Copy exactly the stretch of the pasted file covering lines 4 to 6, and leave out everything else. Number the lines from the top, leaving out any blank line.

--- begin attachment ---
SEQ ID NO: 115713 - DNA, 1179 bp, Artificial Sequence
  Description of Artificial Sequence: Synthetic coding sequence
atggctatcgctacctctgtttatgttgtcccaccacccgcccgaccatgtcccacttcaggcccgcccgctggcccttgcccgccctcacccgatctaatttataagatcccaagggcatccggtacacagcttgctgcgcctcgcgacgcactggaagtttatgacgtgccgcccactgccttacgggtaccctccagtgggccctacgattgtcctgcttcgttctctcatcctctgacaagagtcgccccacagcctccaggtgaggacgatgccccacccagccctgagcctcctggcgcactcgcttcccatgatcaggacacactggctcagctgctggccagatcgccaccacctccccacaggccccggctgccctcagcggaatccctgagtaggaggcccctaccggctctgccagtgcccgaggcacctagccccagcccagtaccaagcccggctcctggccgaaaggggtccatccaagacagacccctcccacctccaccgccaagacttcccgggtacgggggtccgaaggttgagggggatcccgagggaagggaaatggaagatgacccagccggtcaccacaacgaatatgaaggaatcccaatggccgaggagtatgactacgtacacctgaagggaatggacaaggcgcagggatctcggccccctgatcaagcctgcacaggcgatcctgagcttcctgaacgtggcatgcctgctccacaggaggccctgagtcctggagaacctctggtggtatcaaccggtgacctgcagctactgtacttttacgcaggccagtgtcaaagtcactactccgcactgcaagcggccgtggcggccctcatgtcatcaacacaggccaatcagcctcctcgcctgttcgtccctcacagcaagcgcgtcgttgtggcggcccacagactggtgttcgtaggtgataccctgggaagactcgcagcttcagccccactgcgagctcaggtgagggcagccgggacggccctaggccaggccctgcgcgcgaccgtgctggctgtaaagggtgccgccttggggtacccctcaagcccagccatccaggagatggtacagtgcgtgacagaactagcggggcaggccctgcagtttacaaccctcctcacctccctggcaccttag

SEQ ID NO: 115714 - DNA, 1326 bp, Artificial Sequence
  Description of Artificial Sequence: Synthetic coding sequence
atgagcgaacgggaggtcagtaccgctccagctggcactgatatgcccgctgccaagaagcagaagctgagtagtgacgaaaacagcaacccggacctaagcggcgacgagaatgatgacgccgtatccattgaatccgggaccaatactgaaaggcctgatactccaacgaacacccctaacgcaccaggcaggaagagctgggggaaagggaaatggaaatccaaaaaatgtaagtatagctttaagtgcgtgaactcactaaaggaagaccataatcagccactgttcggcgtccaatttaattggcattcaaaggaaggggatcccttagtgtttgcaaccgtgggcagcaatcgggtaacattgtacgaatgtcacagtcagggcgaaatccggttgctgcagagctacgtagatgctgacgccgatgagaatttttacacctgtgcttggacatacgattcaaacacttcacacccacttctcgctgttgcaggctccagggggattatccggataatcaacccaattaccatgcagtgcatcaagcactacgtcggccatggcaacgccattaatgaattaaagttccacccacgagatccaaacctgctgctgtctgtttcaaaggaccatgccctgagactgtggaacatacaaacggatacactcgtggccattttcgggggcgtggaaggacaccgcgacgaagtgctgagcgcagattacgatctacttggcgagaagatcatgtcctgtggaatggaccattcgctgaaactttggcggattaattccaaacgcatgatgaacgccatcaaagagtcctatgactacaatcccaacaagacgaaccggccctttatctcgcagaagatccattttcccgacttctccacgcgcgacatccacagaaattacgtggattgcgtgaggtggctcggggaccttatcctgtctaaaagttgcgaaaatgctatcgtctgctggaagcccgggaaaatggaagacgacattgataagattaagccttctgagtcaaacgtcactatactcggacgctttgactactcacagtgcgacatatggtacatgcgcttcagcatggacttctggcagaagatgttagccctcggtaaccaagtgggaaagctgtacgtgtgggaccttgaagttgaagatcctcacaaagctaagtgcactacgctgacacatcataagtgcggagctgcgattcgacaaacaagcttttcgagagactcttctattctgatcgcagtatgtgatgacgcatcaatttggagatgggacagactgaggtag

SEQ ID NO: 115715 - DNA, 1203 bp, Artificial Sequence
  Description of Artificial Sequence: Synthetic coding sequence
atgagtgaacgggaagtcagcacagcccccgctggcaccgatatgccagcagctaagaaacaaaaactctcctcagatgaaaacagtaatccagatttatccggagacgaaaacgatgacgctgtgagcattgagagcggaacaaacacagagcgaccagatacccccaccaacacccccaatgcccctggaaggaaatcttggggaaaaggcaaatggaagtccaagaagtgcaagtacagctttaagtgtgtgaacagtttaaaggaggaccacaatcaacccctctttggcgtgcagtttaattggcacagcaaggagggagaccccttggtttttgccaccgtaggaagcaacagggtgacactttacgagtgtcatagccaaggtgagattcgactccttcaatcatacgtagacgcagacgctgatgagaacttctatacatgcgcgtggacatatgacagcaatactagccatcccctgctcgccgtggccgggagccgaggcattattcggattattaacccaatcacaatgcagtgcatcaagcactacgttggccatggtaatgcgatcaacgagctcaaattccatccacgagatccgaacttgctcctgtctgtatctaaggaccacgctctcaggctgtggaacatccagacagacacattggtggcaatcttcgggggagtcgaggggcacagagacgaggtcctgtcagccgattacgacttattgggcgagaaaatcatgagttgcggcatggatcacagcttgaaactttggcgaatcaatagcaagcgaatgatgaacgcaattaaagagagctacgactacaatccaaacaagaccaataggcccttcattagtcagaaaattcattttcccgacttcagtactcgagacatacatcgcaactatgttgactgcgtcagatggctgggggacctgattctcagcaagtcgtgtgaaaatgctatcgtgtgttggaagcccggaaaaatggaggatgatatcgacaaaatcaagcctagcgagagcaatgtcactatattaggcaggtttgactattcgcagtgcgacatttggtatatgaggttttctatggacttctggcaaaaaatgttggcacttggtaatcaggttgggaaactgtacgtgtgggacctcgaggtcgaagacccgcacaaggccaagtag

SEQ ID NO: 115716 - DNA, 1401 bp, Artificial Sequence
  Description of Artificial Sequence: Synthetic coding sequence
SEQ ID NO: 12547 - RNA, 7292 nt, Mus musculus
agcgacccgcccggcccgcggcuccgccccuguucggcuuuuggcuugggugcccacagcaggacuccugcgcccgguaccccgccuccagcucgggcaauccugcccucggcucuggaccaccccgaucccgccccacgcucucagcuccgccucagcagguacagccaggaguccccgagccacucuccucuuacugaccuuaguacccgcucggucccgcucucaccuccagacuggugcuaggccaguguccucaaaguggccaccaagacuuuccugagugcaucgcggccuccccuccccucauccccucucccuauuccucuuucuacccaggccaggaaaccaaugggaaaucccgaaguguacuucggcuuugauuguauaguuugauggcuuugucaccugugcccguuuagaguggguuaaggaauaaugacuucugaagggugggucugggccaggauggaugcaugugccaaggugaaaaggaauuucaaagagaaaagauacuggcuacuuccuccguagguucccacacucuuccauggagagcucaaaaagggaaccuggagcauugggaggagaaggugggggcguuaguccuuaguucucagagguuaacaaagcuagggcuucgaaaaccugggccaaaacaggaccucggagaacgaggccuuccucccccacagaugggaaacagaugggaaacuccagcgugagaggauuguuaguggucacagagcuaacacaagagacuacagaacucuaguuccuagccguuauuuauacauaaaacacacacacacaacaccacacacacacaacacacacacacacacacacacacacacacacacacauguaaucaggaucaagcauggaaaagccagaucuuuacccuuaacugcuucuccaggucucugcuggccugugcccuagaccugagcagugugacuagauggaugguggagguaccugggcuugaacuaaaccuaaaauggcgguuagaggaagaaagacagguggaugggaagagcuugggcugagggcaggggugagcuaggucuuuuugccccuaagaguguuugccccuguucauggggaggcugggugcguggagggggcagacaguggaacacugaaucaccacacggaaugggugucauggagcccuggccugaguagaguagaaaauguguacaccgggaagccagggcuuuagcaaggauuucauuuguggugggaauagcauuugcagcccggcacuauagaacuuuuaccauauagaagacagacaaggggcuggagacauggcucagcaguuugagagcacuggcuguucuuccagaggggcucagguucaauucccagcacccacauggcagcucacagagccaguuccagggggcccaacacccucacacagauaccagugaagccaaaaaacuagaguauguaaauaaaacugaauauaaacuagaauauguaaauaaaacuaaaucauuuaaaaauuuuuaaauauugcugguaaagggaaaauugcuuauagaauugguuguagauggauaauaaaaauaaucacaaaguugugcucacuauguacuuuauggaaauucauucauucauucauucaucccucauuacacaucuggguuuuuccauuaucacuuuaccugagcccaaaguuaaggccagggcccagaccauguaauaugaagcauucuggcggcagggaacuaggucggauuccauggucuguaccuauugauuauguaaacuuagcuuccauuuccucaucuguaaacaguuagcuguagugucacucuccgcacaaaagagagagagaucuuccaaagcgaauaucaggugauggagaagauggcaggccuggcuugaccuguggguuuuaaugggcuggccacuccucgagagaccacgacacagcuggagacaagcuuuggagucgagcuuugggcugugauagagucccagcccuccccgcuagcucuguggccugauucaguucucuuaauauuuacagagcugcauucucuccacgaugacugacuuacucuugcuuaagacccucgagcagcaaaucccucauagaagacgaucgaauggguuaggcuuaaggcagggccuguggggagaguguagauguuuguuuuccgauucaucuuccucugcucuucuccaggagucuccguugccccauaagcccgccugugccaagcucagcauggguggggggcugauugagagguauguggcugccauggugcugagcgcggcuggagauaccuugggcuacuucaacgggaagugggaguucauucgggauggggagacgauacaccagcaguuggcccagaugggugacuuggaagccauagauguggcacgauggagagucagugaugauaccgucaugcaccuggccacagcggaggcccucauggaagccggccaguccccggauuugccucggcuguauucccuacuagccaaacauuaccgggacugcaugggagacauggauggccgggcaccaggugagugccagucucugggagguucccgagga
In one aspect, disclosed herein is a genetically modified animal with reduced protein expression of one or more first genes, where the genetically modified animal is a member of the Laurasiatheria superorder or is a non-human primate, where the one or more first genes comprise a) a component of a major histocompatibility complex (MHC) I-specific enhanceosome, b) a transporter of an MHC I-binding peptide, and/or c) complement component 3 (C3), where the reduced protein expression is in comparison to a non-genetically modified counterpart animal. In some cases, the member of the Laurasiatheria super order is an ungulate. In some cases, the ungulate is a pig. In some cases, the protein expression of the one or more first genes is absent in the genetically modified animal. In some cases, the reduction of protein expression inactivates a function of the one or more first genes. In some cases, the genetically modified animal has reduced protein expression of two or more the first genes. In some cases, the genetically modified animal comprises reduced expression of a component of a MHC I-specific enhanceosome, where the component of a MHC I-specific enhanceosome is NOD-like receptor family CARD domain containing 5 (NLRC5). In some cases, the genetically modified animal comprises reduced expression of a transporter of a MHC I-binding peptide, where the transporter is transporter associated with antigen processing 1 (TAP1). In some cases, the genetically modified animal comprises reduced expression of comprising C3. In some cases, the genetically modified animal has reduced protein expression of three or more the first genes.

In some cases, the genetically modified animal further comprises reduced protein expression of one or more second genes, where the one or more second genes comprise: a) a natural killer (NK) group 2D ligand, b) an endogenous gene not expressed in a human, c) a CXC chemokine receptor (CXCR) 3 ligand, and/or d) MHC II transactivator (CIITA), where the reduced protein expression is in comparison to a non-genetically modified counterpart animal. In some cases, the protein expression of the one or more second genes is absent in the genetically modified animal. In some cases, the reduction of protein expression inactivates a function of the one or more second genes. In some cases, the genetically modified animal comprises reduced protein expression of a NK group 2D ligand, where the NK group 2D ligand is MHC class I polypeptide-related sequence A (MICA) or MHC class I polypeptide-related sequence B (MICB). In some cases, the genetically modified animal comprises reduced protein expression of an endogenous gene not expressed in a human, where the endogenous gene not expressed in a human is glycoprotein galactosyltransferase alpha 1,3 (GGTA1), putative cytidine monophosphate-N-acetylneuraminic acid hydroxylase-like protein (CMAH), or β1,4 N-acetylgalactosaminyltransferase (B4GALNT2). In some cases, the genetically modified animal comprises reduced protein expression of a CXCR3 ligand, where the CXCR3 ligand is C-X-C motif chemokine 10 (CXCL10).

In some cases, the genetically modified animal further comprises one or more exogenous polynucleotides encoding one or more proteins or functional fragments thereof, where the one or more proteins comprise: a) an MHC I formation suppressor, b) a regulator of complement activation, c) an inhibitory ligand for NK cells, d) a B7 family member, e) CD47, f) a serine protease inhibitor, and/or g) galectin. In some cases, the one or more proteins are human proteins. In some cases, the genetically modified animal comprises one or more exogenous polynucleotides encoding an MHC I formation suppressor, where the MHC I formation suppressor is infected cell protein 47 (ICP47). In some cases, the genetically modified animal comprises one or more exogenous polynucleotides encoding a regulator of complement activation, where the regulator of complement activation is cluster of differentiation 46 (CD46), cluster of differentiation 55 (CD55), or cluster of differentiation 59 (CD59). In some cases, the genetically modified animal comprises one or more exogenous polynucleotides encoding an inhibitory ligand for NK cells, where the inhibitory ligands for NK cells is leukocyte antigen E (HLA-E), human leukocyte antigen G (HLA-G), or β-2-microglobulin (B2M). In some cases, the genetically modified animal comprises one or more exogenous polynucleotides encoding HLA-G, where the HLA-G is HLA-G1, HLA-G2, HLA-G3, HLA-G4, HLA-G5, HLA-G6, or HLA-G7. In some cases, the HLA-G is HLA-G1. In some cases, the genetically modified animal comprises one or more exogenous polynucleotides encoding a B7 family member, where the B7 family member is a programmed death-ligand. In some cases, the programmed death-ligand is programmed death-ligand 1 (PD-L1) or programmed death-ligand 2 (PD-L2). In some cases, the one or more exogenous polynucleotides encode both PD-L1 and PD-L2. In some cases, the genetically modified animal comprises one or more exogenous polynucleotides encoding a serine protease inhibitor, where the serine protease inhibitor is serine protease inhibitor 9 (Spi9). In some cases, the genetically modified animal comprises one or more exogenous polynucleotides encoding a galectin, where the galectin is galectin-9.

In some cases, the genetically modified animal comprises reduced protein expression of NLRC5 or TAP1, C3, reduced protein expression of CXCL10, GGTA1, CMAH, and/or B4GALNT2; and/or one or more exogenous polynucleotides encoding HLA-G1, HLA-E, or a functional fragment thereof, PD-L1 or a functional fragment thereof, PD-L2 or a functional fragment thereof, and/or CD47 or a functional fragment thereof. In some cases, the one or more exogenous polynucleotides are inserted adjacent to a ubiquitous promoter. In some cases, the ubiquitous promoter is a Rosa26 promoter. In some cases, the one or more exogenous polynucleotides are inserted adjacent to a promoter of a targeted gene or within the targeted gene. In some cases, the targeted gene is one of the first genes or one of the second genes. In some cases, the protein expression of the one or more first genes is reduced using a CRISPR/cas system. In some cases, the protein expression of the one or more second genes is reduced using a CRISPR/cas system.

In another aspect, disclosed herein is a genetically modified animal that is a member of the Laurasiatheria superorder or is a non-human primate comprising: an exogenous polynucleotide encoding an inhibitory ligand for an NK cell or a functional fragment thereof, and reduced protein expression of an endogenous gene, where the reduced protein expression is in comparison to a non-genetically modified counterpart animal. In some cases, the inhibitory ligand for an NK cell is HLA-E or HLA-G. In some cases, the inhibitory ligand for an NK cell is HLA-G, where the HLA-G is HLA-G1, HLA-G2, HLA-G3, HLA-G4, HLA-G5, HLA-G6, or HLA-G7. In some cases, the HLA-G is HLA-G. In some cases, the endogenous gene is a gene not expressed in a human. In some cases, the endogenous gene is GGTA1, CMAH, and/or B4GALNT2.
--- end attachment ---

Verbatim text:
SEQ ID NO: 115714 - DNA, 1326 bp, Artificial Sequence
  Description of Artificial Sequence: Synthetic coding sequence
atgagcgaacgggaggtcagtaccgctccagctggcactgatatgcccgctgccaagaagcagaagctgagtagtgacgaaaacagcaacccggacctaagcggcgacgagaatgatgacgccgtatccattgaatccgggaccaatactgaaaggcctgatactccaacgaacacccctaacgcaccaggcaggaagagctgggggaaagggaaatggaaatccaaaaaatgtaagtatagctttaagtgcgtgaactcactaaaggaagaccataatcagccactgttcggcgtccaatttaattggcattcaaaggaaggggatcccttagtgtttgcaaccgtgggcagcaatcgggtaacattgtacgaatgtcacagtcagggcgaaatccggttgctgcagagctacgtagatgctgacgccgatgagaatttttacacctgtgcttggacatacgattcaaacacttcacacccacttctcgctgttgcaggctccagggggattatccggataatcaacccaattaccatgcagtgcatcaagcactacgtcggccatggcaacgccattaatgaattaaagttccacccacgagatccaaacctgctgctgtctgtttcaaaggaccatgccctgagactgtggaacatacaaacggatacactcgtggccattttcgggggcgtggaaggacaccgcgacgaagtgctgagcgcagattacgatctacttggcgagaagatcatgtcctgtggaatggaccattcgctgaaactttggcggattaattccaaacgcatgatgaacgccatcaaagagtcctatgactacaatcccaacaagacgaaccggccctttatctcgcagaagatccattttcccgacttctccacgcgcgacatccacagaaattacgtggattgcgtgaggtggctcggggaccttatcctgtctaaaagttgcgaaaatgctatcgtctgctggaagcccgggaaaatggaagacgacattgataagattaagccttctgagtcaaacgtcactatactcggacgctttgactactcacagtgcgacatatggtacatgcgcttcagcatggacttctggcagaagatgttagccctcggtaaccaagtgggaaagctgtacgtgtgggaccttgaagttgaagatcctcacaaagctaagtgcactacgctgacacatcataagtgcggagctgcgattcgacaaacaagcttttcgagagactcttctattctgatcgcagtatgtgatgacgcatcaatttggagatgggacagactgaggtag